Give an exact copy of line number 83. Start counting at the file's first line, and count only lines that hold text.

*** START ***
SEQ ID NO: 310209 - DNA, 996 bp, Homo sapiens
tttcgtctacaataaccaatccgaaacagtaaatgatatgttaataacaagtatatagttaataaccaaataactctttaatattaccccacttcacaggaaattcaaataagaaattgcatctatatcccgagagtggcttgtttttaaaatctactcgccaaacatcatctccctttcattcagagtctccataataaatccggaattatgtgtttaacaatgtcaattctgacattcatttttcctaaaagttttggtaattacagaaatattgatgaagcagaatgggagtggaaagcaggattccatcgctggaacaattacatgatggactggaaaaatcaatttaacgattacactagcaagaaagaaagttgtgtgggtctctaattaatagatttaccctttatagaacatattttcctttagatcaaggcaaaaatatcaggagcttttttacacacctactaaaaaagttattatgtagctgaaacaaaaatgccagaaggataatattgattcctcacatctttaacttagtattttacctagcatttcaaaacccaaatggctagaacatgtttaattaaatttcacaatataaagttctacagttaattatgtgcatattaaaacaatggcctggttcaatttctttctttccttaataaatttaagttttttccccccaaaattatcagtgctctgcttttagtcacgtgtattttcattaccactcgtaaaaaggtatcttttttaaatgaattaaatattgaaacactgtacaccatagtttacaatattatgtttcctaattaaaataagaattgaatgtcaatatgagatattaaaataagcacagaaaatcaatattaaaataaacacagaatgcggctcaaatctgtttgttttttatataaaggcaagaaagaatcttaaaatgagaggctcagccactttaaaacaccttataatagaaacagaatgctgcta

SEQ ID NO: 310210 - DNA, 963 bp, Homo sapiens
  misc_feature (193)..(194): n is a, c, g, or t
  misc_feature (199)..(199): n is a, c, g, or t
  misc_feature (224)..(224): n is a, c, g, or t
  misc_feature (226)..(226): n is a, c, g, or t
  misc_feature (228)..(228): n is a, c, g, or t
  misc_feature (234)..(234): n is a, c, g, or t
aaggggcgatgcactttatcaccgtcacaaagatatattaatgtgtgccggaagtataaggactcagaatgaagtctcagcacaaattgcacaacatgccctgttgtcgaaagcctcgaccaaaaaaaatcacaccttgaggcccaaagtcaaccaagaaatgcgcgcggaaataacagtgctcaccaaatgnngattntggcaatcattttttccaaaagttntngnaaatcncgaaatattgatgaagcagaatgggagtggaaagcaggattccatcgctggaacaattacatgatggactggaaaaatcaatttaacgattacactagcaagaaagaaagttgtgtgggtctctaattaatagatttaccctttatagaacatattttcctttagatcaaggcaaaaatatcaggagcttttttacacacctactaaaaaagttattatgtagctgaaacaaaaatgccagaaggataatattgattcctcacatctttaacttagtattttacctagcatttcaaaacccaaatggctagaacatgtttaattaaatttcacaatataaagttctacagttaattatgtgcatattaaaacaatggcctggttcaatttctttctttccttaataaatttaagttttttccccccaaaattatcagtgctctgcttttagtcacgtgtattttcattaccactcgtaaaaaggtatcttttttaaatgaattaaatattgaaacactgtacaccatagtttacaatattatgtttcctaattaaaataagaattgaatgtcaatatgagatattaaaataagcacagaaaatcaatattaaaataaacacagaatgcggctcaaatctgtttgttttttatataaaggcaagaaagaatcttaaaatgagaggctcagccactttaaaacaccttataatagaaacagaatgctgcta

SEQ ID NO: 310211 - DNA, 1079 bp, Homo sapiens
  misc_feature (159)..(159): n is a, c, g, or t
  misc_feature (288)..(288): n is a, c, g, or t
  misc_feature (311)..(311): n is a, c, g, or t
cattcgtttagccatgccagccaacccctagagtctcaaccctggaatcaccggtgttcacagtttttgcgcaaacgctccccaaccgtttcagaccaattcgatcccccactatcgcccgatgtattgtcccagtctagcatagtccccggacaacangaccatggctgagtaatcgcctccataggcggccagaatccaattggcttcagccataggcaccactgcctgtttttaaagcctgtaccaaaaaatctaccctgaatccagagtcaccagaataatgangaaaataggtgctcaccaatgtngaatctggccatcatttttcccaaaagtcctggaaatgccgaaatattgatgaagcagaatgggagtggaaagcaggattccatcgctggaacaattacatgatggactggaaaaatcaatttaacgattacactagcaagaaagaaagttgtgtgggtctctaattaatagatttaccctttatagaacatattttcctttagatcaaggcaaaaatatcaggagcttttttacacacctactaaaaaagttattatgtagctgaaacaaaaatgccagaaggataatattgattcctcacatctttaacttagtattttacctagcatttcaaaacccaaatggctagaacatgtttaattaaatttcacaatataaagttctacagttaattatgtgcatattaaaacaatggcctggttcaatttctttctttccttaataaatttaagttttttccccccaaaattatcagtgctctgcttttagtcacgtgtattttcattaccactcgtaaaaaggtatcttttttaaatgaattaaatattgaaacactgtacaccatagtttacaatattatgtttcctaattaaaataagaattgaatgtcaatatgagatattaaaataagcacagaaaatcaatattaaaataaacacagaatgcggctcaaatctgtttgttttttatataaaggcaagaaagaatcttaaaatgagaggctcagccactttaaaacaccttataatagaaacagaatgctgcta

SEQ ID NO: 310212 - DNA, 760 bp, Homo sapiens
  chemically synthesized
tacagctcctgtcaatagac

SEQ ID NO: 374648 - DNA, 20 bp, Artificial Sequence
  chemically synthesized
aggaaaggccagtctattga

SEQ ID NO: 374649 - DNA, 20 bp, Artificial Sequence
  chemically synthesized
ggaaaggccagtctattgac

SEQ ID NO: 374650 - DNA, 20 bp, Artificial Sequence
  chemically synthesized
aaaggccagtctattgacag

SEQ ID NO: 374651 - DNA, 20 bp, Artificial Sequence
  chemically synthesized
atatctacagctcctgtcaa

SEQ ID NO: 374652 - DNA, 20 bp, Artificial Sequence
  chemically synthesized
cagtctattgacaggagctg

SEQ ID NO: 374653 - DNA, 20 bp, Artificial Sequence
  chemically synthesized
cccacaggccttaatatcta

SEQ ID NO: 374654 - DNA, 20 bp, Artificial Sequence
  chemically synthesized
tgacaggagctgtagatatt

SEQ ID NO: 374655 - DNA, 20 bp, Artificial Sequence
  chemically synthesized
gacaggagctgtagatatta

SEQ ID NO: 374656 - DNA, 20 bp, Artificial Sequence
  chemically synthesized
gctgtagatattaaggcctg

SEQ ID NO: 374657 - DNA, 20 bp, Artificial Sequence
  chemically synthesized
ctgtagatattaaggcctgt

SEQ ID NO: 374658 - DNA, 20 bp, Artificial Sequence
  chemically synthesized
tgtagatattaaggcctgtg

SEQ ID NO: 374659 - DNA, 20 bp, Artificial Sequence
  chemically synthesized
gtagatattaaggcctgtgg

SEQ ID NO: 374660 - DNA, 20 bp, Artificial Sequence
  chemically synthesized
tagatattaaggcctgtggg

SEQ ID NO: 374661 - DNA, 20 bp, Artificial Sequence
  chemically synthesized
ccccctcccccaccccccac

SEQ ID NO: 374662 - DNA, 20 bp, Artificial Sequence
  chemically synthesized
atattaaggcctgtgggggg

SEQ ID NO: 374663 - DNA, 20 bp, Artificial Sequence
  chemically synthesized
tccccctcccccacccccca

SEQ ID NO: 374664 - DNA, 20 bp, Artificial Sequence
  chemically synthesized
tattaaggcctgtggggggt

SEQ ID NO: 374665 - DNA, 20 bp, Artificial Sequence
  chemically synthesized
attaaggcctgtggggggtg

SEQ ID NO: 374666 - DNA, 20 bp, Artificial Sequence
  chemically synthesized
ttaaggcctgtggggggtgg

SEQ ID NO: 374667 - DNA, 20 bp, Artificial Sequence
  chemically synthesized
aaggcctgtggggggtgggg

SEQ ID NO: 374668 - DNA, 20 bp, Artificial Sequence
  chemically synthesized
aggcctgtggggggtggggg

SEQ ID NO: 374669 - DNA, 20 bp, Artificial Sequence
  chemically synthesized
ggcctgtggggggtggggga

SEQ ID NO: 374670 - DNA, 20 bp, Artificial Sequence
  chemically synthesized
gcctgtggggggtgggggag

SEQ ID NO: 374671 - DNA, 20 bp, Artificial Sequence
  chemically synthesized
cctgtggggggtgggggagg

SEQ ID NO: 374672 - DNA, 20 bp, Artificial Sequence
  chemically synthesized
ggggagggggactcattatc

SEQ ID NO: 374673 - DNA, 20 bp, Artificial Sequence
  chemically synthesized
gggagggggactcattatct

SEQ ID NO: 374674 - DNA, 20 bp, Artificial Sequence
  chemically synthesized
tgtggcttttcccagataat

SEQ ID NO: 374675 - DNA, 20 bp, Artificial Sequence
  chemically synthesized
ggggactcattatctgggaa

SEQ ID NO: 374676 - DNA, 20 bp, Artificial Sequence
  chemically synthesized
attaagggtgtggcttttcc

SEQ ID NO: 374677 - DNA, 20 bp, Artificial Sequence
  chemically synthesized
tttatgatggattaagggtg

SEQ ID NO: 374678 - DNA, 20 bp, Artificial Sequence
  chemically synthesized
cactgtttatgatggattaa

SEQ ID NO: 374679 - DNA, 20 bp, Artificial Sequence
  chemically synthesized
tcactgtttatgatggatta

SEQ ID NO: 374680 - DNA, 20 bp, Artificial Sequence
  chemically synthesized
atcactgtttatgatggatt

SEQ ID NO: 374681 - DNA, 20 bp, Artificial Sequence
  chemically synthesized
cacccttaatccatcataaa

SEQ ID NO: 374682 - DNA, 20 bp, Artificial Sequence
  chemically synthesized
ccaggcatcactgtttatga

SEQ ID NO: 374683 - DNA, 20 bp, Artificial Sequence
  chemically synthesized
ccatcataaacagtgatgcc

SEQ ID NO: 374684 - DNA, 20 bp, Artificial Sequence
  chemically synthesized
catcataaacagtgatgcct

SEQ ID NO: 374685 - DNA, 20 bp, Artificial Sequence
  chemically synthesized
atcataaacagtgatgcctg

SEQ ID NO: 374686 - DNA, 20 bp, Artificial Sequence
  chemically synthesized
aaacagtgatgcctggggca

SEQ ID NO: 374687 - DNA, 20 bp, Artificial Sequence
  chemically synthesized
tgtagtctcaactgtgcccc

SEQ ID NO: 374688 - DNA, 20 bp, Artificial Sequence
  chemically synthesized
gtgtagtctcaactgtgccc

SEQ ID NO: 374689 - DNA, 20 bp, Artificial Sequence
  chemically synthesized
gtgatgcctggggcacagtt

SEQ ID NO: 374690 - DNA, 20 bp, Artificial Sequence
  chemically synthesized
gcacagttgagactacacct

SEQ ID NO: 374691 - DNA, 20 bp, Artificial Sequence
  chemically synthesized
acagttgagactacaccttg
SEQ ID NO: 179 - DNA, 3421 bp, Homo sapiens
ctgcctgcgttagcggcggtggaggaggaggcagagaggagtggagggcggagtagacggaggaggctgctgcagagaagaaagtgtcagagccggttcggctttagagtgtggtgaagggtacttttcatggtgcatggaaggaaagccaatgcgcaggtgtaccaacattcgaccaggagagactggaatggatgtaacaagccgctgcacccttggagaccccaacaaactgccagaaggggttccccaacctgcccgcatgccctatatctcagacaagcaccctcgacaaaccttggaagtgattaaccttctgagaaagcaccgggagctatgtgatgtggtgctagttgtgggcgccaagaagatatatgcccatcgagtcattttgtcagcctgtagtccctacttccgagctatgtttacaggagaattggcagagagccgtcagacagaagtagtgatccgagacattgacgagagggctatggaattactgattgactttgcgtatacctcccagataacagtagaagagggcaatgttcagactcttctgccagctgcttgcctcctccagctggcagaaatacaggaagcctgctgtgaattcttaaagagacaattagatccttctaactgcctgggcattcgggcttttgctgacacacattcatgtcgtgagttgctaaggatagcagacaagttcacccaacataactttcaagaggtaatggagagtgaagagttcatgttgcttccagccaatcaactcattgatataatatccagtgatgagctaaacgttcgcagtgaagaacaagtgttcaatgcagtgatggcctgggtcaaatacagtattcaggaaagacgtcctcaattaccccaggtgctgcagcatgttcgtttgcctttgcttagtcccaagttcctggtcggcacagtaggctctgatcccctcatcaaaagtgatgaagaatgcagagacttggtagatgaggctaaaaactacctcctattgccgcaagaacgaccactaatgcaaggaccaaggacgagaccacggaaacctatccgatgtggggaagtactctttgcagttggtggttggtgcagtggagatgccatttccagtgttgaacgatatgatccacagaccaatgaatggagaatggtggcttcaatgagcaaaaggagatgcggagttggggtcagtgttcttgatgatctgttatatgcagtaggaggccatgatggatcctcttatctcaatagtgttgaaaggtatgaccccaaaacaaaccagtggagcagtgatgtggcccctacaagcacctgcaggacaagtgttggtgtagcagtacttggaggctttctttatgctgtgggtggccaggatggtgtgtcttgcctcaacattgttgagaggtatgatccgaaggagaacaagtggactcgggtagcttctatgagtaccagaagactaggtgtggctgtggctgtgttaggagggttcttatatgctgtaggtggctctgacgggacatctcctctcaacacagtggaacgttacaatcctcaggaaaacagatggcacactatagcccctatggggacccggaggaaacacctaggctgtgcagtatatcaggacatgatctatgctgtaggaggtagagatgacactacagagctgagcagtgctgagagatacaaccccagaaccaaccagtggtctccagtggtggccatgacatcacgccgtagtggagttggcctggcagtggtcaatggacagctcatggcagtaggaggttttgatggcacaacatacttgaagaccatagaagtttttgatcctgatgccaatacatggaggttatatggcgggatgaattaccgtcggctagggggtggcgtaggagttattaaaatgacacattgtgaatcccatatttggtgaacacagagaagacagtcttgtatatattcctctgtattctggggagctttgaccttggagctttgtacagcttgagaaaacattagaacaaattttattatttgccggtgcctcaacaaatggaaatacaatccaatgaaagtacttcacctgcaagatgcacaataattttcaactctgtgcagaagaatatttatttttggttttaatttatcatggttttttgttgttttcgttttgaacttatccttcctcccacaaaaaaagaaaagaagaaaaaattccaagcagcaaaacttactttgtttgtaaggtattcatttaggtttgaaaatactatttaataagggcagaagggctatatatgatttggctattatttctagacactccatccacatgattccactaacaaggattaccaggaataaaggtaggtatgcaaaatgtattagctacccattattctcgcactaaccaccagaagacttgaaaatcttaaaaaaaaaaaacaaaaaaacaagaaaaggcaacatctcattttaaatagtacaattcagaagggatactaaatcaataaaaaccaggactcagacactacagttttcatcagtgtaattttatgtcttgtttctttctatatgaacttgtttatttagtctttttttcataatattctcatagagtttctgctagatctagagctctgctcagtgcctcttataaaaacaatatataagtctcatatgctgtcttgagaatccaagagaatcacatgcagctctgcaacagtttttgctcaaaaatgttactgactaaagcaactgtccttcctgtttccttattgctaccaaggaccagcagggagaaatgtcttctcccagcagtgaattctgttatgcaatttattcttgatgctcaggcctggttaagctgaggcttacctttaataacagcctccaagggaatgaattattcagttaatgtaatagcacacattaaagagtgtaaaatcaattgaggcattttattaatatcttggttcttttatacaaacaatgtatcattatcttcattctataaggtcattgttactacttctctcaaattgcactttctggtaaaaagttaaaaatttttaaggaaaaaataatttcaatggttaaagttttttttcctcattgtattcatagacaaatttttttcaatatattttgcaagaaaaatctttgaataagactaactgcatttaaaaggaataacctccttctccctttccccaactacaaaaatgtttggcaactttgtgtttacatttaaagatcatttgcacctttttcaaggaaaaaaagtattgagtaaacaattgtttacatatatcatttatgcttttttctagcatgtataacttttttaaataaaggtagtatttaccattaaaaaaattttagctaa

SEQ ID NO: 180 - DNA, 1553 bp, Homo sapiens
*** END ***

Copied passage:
  chemically synthesized